Friday, November 2, 2012

Differing Ayatollahs, Part 2

If writing a book is like horseracing, then I'm in the backstretch of my first draft of After Her Death. I've got about 10k to 15k words left depending on how the last few scenes go. I might even get another 20k out of the story! Point is, I'm SUPER excited to be wrapping up the first draft and bundling it off to an editor friend of mine for a sharp critique, after which I get to start the revision process.

The primary theme of After Her Death is family identity, but a lesser, albeit just as important element in the story is Iran. The idea of the story came to me in a dream (sounds so cliche, I know, but it's true), and in the dream, there was nothing international about it. But as I sat down to shape the dream into an actual story, it begged to be something more than a typical adoption story. Enter, Iran.

I'm not saying much more as I don't want to give away the story. Suffice it to say, I've done quite a bit of research of late on Iran and want to share some of my impressions. At first, all I found was information on Iran's political side: the 1979 Islamic Revolution and the oppressive state of governance since then; the diaspora of Iranians who fled to the US either as supporters of the deposed Shah; and current president of Iran, Mahmoud Ahmadinejad's outrageous rhetoric calling for the extinction of Israel (and sometimes America). After encountering a bunch of rather inflammatory and frankly not helpful solutions to Iran's nuclear crisis, ranging from the "nuke them til they glow, then shoot them in the dark" attitude to the "every country has every right to have a nuclear industry for peaceful, domestic purposes" camp, I'm no closer to an opinion on the issue than I was before. And while this was all very interesting, what I really wanted to know was more about the culture and the temperament of the people who live in Iran. What is life in Iran like? What do Iranians think about their current regime? What is their ethnic and religious make-up? Do they like Americans, despite the rhetoric? Are Persian cats really from Persia? And what in the world is an ayatollah?

As you may have gleaned, modern day Iran is ancient Persia. So all the stuff in the Bible about Persia like the histories detailed Daniel, Esther, Ezra, Nehemiah, and part of 2 Chronicles occur, at least in part, in ancient Iran. Oh, and the whole reason Herod (and the Romans) freaked out over the Magi seeking the "King of the Jews"? Yeah, that was because of the Parthians, another iteration of the Persian Empire, and the only threat to Roman world dominance at the time. (The Magi weren't just three guys on camel back. They were part of the Persian ruling structure and probably entered Jerusalem with a heavily armed ensemble.)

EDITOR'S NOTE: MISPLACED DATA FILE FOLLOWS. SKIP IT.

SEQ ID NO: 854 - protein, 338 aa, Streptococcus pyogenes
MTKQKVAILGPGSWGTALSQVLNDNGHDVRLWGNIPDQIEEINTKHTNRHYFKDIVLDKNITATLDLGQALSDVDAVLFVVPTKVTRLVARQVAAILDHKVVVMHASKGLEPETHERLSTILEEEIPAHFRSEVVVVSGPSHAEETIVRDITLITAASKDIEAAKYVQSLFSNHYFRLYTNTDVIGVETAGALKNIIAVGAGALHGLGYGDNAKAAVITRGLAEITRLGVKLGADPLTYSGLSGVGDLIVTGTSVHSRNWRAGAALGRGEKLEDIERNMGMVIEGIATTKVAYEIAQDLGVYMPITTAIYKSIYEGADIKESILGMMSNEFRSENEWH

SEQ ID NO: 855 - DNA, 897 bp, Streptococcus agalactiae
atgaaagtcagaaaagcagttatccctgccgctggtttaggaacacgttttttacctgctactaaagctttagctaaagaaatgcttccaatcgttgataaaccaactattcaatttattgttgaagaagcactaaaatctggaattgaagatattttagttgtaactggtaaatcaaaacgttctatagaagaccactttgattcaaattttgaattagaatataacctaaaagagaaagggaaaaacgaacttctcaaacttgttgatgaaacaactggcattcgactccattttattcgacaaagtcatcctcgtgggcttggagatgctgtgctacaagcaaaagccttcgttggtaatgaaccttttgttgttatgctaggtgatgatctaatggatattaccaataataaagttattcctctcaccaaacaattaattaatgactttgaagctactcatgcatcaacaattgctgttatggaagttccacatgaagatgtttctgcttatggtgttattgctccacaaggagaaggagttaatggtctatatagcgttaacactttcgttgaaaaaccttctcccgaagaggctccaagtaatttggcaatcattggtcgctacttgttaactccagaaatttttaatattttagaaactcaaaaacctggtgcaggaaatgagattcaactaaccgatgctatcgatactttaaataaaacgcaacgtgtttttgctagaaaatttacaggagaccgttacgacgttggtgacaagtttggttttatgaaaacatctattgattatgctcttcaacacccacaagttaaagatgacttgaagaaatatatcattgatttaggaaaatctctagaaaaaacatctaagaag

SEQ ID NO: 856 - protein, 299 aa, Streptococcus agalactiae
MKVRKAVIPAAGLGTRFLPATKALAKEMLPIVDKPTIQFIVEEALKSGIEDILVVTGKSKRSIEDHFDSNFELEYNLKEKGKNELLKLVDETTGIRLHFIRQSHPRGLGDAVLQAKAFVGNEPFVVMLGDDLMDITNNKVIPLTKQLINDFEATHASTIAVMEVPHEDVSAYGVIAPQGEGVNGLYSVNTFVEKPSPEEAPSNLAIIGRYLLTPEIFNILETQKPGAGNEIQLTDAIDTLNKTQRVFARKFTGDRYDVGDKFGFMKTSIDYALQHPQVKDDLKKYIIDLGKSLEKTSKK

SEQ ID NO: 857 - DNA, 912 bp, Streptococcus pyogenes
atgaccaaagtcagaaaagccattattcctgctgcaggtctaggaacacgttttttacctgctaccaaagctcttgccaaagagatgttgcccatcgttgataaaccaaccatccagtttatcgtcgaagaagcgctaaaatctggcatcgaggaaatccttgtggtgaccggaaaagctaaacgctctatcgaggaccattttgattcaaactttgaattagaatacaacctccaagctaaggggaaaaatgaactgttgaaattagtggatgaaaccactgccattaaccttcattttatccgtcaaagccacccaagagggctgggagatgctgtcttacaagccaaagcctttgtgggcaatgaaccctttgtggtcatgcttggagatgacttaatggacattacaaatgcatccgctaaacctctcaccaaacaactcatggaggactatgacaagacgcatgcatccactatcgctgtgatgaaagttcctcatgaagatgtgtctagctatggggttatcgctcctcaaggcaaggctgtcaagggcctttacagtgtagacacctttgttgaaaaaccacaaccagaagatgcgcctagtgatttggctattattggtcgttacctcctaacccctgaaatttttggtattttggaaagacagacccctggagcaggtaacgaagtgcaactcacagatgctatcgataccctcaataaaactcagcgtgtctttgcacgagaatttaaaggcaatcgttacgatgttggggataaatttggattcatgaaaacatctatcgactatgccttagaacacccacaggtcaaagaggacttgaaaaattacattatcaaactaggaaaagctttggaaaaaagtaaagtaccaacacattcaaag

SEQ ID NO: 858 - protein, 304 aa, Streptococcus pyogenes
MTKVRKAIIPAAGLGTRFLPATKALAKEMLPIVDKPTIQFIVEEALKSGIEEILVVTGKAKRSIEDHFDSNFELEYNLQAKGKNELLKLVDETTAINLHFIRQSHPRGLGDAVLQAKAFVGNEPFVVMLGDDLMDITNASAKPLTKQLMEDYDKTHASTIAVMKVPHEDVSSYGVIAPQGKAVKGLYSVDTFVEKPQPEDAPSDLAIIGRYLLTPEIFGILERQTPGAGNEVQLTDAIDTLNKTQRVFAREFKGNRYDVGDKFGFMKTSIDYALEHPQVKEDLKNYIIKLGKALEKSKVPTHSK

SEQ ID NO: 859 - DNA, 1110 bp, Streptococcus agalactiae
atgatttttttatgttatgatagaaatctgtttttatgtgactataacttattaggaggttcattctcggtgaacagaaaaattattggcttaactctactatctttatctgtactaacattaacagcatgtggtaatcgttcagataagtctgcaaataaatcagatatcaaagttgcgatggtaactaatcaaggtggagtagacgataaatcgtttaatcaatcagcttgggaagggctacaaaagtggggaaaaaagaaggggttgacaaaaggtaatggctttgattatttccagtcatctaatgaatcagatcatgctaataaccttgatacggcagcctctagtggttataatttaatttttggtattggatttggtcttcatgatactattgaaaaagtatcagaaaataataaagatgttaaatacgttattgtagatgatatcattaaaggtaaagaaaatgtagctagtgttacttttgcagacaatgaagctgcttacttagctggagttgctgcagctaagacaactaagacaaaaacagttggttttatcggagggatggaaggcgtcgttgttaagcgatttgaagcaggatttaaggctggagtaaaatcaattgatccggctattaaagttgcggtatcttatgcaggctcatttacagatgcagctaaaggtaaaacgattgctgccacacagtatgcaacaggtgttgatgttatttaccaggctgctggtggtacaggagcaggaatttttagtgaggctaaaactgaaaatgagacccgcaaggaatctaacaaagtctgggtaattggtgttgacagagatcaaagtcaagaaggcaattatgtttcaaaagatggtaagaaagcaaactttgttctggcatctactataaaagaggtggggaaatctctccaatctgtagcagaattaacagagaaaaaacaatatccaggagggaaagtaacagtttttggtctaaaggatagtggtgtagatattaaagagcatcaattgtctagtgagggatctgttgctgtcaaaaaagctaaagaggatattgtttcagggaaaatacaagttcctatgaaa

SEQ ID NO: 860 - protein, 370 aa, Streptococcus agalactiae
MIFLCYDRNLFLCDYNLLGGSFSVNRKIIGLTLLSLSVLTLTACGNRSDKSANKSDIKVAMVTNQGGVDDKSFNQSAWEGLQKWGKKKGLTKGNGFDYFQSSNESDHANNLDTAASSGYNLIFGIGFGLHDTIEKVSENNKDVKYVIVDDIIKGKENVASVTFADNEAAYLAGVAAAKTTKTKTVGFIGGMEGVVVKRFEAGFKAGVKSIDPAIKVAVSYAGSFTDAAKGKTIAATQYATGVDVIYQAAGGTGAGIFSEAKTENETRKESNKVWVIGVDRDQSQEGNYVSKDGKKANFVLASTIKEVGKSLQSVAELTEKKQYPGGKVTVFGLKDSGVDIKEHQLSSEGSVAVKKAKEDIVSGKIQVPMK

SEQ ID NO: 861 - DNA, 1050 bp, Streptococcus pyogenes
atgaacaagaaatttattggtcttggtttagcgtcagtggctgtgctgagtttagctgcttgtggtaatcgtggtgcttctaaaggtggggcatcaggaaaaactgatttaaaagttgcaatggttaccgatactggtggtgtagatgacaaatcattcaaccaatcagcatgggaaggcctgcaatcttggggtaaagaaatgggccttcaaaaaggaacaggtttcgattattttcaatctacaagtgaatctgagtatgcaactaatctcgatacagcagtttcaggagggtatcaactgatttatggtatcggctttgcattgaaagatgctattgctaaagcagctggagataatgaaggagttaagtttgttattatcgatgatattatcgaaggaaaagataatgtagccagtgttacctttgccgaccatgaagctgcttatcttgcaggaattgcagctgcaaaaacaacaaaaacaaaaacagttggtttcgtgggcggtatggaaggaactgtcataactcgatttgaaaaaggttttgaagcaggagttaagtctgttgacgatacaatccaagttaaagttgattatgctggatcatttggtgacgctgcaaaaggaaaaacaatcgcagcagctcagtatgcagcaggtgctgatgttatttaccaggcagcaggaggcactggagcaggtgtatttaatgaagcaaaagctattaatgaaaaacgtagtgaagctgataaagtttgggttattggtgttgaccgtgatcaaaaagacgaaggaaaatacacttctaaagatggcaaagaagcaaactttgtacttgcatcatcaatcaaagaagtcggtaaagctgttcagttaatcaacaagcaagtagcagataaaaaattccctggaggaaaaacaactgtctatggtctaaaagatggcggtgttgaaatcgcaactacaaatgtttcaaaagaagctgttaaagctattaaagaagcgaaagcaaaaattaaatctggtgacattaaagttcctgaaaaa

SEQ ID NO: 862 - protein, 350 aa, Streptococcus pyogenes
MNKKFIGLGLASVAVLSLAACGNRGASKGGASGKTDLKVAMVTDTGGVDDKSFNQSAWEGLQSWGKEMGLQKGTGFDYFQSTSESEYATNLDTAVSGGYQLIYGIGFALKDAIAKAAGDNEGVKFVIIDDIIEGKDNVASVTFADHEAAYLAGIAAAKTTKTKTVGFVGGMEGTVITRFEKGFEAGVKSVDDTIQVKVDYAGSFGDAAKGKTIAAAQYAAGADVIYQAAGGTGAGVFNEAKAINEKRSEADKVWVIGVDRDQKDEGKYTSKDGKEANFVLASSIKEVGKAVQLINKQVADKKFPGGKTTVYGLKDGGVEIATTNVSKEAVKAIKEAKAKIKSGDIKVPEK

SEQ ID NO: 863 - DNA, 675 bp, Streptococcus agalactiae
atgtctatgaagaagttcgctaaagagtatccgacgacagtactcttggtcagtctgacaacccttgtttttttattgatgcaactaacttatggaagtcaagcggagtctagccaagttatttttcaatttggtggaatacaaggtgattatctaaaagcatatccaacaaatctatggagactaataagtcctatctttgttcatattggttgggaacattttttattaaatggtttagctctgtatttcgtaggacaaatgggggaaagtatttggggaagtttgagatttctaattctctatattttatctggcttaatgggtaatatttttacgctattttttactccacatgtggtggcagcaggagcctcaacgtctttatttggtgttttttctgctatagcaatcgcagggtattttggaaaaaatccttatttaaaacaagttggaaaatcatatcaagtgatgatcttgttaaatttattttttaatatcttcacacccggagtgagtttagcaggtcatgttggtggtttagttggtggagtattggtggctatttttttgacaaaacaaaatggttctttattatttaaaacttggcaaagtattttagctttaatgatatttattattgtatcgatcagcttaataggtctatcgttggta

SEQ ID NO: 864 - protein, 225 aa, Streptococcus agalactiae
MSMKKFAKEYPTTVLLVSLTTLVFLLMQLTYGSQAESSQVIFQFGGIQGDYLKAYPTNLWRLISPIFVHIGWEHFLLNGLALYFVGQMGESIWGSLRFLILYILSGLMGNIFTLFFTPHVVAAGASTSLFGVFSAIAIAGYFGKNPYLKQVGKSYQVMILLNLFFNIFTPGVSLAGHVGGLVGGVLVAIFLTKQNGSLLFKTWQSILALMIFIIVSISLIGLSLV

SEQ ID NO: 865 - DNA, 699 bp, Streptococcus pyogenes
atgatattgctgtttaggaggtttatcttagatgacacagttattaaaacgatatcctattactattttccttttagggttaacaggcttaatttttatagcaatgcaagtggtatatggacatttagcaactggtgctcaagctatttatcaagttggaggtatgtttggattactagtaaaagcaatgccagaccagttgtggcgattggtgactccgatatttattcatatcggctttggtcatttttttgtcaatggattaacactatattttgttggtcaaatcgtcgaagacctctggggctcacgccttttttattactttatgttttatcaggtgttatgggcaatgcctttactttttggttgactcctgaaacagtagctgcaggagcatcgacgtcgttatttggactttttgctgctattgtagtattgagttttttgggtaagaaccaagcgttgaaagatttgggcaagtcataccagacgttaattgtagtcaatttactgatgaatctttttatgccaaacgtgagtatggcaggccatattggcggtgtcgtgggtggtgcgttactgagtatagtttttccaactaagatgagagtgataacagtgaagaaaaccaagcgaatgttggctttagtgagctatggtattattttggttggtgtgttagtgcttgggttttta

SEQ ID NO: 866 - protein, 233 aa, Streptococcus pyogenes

Unlike the Greek and Roman empires, the Persians don't really fade into history. Well, they fade out if all you took is Western Civ in college. But in the history of the world, the Persians remain a strong force well into the middle ages. Granted, they don't ever conquer the world, but they stay the regional hegemon in the Middle East until the Ottoman Rule. And they still want to be the regional hegemon, despite the Shi'a/Sunni conflict. Reason being: unlike many of the Arab tribes, the Persians (who are not Arab and will be quite put out if you assume as much), retained a coherent culture down through history. Yes, the culture changed and absorped and adjusted to Islam in the late 7th century, but no more so than northern European culture adapting to the rise of Protestantism. If some writers are to be believed, Iran wants to be the regional hegemon because they want to be left alone. Others argue they are actually just power hungry.

So, my humble working theory is that today's Iranians (which are actually several different ethnic sub-groups) are still the Persians from yesterday in much the same way as the national character of the French, Russians, or Americans have stayed fairly constant down through the years. With one obvious difference: the influence of Shia Islam on the people groups who compose Iran has driven some public expression of their culture to become private. The pre-Islamic Iran described by many of great Persian poets still exists in a private, personal way. In the same manner that many of us often have a public face (who we are to strangers) and a private face (who we are to our friends), Iran's culture has the same.

As a midwestern, Christian American, I tend to be a "what you see is what you get" kind of person. I place a high value transparency and openness. However, this is due more to culture and personality than ethics. I didn't realize this about myself until after reading about Iran. When I first encountered this public/private divide in the Middle East (it's not just a Persian phenomenon), I thought it was hypocrisy. Outwardly, the people may adhere to public laws or customs, but in the privacy of their homes, but according to a number of sources I came across, nearly all Iranians own illegal satellites in which to watch TV--including "evil" western channels. Upon further reflection and reading, I found that they aren't any more hypocritical than us, per se. (Who among us doesn't sometimes say something nice about a person when we're thinking the exact opposite, because we don't want to be rude?) For modern Iranians, this divide provides a necessary barrier against their government (whoever's in charge whether Shahs or Ayatollahs) from interfering too much. The government "allows" what goes on behind closed doors as long as it stays behind closed doors. The real explanation is far more complex than that but this is my very American attempt to distill the concept of the "Persian garden" (ie, different public/private faces) into a blog post.

Next post I'll give some final observations along with some helpful resources I found on Iran.

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